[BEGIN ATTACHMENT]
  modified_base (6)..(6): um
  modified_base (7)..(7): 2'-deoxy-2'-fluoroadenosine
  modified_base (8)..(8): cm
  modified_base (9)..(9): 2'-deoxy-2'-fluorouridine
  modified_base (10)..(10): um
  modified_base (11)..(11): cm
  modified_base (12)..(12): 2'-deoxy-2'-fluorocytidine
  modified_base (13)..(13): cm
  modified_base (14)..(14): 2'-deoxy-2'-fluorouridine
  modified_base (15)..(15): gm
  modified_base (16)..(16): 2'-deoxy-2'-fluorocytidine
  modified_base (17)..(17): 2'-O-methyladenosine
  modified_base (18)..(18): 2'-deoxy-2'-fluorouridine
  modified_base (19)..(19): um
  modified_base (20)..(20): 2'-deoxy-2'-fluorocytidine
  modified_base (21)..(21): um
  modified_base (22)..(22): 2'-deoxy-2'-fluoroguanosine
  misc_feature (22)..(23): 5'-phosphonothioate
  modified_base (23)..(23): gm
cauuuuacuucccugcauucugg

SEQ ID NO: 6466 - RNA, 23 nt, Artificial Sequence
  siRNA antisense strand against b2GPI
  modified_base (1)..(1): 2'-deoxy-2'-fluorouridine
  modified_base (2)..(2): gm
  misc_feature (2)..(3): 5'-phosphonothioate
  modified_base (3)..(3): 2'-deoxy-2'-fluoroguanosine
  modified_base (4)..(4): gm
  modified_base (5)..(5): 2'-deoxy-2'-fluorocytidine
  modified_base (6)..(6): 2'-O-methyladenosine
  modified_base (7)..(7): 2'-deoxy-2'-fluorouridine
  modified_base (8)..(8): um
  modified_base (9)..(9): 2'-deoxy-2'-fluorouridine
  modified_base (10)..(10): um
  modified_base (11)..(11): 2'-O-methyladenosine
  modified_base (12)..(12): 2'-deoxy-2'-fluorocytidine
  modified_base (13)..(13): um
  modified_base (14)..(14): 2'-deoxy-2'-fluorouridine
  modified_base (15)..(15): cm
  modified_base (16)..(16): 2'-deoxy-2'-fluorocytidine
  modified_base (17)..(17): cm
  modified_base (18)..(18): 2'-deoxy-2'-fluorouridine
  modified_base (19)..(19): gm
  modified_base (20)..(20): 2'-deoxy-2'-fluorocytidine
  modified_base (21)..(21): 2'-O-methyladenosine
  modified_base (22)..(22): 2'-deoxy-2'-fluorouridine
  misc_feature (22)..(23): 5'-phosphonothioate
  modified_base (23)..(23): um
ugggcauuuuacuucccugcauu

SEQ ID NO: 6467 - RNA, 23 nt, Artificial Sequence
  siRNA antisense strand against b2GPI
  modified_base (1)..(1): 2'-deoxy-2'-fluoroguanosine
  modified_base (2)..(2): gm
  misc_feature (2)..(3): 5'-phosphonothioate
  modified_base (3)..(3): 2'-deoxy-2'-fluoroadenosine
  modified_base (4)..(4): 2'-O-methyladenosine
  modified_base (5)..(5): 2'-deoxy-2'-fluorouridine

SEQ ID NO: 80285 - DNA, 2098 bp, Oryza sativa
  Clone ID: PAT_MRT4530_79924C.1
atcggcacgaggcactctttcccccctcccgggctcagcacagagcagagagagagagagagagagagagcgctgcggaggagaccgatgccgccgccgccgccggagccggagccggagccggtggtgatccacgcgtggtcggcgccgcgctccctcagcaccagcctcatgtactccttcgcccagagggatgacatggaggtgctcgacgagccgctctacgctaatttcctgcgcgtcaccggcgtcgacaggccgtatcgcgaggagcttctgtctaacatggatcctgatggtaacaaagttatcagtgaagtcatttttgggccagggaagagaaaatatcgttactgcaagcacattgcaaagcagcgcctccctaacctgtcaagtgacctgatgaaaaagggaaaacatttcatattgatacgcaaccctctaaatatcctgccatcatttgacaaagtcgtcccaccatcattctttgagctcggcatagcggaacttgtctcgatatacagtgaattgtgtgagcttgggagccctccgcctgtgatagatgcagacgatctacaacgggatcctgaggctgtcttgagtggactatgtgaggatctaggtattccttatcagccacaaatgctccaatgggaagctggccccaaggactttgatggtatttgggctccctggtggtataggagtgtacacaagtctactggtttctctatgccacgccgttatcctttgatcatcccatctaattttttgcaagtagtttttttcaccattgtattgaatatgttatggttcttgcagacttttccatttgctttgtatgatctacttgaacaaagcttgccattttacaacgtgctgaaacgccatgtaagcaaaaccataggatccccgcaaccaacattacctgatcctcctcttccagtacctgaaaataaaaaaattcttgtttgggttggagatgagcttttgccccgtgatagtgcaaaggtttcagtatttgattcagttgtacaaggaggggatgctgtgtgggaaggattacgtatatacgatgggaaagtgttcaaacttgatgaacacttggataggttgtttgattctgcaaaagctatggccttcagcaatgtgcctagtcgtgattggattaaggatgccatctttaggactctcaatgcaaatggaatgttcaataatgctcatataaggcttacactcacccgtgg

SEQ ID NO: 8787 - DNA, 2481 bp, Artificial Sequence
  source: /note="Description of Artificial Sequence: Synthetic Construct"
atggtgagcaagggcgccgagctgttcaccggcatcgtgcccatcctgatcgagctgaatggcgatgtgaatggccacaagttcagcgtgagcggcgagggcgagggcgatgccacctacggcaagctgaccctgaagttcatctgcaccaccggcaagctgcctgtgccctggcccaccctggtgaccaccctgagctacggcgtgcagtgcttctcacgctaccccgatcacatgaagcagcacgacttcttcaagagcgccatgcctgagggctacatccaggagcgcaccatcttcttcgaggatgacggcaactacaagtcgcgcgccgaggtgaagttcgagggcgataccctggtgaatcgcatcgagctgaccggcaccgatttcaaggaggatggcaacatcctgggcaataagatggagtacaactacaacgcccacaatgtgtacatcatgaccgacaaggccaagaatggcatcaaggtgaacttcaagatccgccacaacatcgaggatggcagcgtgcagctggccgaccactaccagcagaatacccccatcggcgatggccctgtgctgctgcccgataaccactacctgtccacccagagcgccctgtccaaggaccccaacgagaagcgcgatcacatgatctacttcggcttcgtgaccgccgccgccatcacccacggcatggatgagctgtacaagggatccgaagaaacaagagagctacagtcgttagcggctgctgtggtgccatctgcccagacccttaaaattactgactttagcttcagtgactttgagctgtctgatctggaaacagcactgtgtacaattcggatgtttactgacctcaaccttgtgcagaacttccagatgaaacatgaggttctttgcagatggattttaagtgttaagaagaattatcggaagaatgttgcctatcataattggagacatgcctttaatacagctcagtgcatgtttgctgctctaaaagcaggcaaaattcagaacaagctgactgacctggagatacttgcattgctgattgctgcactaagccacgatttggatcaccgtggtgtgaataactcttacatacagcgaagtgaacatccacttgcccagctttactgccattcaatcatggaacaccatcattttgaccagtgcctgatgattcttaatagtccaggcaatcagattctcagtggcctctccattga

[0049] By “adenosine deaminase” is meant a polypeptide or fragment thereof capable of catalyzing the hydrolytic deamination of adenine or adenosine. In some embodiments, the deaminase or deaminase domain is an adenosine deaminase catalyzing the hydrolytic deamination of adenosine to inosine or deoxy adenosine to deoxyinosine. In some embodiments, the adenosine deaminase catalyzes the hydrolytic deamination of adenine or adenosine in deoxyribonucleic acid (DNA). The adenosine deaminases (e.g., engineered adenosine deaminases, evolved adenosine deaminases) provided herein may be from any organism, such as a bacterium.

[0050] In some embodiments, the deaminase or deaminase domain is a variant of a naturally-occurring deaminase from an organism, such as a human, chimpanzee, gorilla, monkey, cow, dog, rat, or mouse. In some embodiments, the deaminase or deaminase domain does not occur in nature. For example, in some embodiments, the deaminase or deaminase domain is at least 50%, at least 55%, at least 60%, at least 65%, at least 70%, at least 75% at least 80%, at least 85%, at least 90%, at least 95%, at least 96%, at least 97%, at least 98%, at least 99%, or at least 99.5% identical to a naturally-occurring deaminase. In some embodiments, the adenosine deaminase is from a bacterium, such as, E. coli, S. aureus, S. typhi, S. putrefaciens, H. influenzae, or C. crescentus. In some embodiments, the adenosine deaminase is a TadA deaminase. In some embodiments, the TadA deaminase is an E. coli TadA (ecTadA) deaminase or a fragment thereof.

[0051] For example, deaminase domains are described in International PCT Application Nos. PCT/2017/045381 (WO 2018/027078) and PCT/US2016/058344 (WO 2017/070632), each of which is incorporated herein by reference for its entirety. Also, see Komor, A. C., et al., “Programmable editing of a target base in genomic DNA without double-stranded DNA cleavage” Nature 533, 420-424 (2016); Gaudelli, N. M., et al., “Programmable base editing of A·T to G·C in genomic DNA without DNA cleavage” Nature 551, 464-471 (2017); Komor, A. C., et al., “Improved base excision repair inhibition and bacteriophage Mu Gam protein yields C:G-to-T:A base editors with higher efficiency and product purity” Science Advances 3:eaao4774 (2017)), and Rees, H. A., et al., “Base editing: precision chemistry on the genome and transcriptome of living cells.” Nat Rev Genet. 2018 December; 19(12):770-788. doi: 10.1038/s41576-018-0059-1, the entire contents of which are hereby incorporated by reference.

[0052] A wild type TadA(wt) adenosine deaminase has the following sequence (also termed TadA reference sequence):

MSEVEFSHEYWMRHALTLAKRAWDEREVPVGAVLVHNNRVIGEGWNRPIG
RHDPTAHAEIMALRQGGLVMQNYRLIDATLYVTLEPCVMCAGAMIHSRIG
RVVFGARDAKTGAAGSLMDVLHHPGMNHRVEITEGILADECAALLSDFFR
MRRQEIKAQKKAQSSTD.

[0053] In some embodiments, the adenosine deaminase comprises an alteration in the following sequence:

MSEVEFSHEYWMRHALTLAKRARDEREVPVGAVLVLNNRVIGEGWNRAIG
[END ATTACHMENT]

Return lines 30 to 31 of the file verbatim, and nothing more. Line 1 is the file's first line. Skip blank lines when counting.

  modified_base (7)..(7): 2'-deoxy-2'-fluorouridine
  modified_base (8)..(8): um